(Courtesy Erik Wemple Photoblog)

Covering Donald Trump was not normal, though CNN national politics reporter MJ Lee came to that discovery very gradually.

As Lee writes in the new CNN coffee-table book “Unprecedented: The Election That Changed Everything,” she started the marathon 2016 presidential sweepstakes in constant proximity to Trump’s campaign. Rally after rally, flight after flight, there was Lee — chatting up Trump supporters and trying to make sense of a phenomenon that almost none of her counterparts in the punditry pen had managed to foresee. And that includes CNN senior political commentator David Axelrod: “I could not have been more smugly self-assured,” writes Axelrod in “Unprecedented,” in reference to his early opinion that Trump wouldn’t secure the Republican nomination.

Lee was central to a massive CNN report under the headline “Why I’m voting for Trump,” a January 2016 story that stemmed from interviews with more than 150 people in 31 cites. It’s just the type of story that’s forgotten — or was never espied in the first place — by all those who claim that the mainstream media never paid attention to the Trump phenomenon.

In any case, Lee would discover that she understood the movement all too well. In May 2016, she received word from her editors that she’d be moving to cover the campaign of Hillary Clinton. She bolted out to California to cover the primary race there. “Maybe because I was so preoccupied with my work — trying to source up quickly, poring through previous months of Clinton coverage — it took some weeks for this realization to hit me: I felt, quite literally, like a new person,” Lee writes in “Unprecedented.” Before that, she writes, she’d “ceased to realize how deeply his events disturbed me.”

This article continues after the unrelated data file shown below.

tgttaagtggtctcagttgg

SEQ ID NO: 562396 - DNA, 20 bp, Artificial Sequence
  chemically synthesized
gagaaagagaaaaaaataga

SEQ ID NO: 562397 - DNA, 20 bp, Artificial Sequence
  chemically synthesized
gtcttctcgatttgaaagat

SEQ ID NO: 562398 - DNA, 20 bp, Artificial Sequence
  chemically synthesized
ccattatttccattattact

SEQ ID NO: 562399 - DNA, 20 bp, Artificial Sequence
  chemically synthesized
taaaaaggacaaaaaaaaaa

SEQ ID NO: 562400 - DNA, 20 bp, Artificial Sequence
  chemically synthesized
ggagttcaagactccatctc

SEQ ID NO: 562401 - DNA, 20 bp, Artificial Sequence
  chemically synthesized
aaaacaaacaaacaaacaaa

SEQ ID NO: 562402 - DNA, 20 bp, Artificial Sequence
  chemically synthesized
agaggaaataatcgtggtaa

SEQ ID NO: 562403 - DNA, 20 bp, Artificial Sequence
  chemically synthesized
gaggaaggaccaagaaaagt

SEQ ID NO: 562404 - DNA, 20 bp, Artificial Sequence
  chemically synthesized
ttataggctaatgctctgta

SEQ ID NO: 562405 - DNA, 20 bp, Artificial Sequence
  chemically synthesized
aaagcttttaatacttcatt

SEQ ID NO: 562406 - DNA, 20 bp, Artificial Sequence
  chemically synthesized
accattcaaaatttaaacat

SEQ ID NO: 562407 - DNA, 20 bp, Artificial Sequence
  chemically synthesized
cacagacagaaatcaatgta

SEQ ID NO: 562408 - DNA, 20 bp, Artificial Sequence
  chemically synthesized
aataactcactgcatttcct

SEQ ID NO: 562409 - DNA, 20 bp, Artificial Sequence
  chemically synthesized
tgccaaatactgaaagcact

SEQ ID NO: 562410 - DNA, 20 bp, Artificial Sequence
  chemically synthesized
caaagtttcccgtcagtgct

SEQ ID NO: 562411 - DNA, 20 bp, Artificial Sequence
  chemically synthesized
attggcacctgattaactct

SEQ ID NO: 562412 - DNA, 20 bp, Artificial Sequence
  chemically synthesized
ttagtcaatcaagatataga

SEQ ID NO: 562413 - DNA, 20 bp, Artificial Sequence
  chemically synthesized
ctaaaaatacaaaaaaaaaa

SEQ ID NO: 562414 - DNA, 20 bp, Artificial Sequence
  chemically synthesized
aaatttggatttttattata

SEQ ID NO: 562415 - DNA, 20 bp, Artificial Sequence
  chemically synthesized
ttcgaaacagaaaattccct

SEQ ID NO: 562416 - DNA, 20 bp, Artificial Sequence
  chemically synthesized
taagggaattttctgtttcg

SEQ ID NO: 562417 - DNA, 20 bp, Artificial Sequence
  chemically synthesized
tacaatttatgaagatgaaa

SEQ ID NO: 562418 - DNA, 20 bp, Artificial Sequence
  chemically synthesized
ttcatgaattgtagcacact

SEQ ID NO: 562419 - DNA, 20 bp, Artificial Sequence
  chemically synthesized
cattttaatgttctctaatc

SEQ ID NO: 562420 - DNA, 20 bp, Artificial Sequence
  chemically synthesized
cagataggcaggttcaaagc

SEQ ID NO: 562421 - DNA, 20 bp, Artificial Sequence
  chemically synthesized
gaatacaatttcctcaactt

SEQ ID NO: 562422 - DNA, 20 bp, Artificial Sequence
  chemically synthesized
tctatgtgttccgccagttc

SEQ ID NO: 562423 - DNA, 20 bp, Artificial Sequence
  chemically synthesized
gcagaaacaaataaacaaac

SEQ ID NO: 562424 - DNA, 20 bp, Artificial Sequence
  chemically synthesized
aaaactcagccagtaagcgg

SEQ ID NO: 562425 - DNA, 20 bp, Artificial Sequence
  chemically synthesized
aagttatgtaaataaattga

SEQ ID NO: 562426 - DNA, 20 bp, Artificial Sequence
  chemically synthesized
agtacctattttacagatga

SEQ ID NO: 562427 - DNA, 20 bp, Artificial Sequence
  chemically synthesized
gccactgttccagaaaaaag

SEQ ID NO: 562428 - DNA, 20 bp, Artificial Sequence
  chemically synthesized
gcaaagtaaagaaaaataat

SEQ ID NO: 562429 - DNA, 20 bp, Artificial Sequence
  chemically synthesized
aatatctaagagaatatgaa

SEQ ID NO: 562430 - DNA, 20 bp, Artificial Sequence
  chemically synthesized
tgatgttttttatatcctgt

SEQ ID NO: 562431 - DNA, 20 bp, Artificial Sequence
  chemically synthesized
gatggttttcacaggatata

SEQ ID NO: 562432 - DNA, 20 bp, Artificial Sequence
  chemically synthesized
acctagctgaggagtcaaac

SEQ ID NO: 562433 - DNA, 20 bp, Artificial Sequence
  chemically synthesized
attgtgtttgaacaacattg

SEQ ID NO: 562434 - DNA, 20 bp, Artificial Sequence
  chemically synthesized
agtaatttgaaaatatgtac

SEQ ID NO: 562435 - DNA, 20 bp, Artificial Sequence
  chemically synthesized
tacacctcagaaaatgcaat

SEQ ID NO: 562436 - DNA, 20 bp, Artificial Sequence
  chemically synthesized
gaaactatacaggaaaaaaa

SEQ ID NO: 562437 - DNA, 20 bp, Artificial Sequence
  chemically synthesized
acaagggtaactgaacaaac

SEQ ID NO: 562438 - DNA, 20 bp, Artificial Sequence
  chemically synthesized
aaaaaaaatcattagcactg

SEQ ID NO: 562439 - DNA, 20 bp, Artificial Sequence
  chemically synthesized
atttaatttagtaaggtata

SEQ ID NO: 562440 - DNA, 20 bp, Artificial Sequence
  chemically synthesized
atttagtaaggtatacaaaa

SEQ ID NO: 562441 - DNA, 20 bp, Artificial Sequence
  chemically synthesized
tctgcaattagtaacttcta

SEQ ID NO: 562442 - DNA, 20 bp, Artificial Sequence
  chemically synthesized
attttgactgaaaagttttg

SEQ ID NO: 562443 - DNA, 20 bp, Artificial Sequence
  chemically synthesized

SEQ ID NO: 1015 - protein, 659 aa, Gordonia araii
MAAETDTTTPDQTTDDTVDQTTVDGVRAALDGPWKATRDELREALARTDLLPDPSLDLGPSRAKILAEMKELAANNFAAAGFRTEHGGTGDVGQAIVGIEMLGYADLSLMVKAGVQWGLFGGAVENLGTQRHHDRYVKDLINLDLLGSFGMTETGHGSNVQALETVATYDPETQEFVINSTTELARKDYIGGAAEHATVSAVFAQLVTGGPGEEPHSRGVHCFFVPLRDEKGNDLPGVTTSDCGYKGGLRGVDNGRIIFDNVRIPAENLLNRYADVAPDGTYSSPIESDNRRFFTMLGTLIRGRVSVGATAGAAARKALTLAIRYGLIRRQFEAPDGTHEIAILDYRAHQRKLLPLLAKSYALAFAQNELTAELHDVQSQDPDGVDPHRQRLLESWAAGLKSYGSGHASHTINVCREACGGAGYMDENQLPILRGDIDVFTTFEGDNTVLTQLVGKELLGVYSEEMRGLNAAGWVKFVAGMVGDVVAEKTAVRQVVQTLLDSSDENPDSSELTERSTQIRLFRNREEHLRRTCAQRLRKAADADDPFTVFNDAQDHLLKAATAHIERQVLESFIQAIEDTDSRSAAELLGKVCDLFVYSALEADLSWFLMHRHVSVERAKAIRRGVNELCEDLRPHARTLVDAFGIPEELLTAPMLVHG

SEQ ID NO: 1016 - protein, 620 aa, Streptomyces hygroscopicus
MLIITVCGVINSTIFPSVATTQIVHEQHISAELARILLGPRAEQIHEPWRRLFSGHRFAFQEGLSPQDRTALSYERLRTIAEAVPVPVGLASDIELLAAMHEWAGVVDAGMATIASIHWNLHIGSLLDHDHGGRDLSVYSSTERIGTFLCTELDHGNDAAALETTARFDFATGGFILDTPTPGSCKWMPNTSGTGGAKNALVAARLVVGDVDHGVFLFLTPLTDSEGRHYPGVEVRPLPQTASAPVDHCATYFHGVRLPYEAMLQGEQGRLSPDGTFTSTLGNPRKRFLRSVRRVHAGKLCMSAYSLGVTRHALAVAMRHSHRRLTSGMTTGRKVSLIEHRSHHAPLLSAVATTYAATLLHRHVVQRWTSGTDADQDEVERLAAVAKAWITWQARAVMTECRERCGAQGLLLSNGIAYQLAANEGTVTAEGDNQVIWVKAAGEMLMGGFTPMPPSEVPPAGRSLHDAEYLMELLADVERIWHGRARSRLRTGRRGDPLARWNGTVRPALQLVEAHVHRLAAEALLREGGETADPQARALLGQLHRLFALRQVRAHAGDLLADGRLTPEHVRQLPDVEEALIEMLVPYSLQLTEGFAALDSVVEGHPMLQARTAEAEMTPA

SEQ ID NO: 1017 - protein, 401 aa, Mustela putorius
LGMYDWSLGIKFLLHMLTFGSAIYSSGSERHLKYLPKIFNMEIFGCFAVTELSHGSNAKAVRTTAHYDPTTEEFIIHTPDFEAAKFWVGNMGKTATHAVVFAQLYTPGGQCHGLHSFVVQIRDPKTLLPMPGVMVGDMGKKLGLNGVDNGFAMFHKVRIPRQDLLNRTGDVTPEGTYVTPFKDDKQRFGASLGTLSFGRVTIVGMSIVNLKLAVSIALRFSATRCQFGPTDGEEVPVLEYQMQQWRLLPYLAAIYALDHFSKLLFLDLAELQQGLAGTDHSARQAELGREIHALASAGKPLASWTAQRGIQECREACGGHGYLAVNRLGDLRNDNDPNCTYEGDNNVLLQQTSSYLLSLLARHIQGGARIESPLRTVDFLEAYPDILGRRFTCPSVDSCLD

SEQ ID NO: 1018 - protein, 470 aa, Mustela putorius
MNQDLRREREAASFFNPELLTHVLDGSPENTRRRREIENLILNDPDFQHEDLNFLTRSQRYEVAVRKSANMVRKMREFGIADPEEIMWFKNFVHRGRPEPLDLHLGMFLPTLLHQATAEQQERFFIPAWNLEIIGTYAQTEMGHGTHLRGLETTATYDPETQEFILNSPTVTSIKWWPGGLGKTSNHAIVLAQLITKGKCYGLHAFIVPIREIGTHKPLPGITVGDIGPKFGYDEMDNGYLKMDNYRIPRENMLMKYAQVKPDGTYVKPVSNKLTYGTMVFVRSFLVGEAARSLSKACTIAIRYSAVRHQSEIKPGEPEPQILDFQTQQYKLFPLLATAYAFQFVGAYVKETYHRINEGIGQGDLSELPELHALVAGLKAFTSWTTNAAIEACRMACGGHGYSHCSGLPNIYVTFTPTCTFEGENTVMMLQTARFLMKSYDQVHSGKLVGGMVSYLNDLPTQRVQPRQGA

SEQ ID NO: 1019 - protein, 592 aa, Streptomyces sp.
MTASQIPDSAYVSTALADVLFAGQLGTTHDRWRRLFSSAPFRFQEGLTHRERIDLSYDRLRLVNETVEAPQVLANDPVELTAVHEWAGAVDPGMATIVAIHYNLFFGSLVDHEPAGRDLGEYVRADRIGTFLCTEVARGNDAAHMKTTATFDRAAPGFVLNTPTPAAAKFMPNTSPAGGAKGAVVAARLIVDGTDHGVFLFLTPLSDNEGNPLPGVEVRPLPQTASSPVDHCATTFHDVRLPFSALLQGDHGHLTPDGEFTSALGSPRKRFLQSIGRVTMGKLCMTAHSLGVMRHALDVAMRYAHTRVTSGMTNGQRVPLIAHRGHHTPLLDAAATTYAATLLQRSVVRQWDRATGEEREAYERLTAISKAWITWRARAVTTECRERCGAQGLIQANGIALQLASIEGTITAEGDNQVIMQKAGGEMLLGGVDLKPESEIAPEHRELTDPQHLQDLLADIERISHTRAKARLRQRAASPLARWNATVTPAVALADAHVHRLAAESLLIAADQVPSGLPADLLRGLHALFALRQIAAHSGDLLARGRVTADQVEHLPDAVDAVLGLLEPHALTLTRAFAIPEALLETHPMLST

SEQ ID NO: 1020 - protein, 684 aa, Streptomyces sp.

Whereas she once “worried about being booed or yelled and cursed at” in covering Trump events, there was “no threat of violence” at Clinton events. “CNN had hired private security for journalists covering Trump, to keep an eye on us just in case things ever got too rowdy. They were often ex-police officers, always kind and never in the way,” writes Lee. “As glad as I was to have them there, they were also a nagging reminder that something bad could happen.”

That wasn’t all: As she followed Trump around the country, she would find herself “surrounded by thousands and thousands of white faces” at rallies. Cue up the clumsy statements about Lee, who was born in South Korea, grew up in Hong Kong and became a U.S. citizen in September. In her reporting rounds, Lee encountered “one man [who] said that ‘new Americans’ were hurting the country, and said he was referring to people like me. Another man asked if I was Connie Chung, a Chinese-American journalist forty-one years my senior.”

Oh, but “Trump, Clinton both threaten free press.

To put it the whole shebang in a tidy package: Reporter covers Donald Trump, gets taunted, insulted, hated upon; election takes place and Donald Trump wins; reporter and peers get hammered for either giving Trump a “pass” or for being implacably biased against him. Journalism!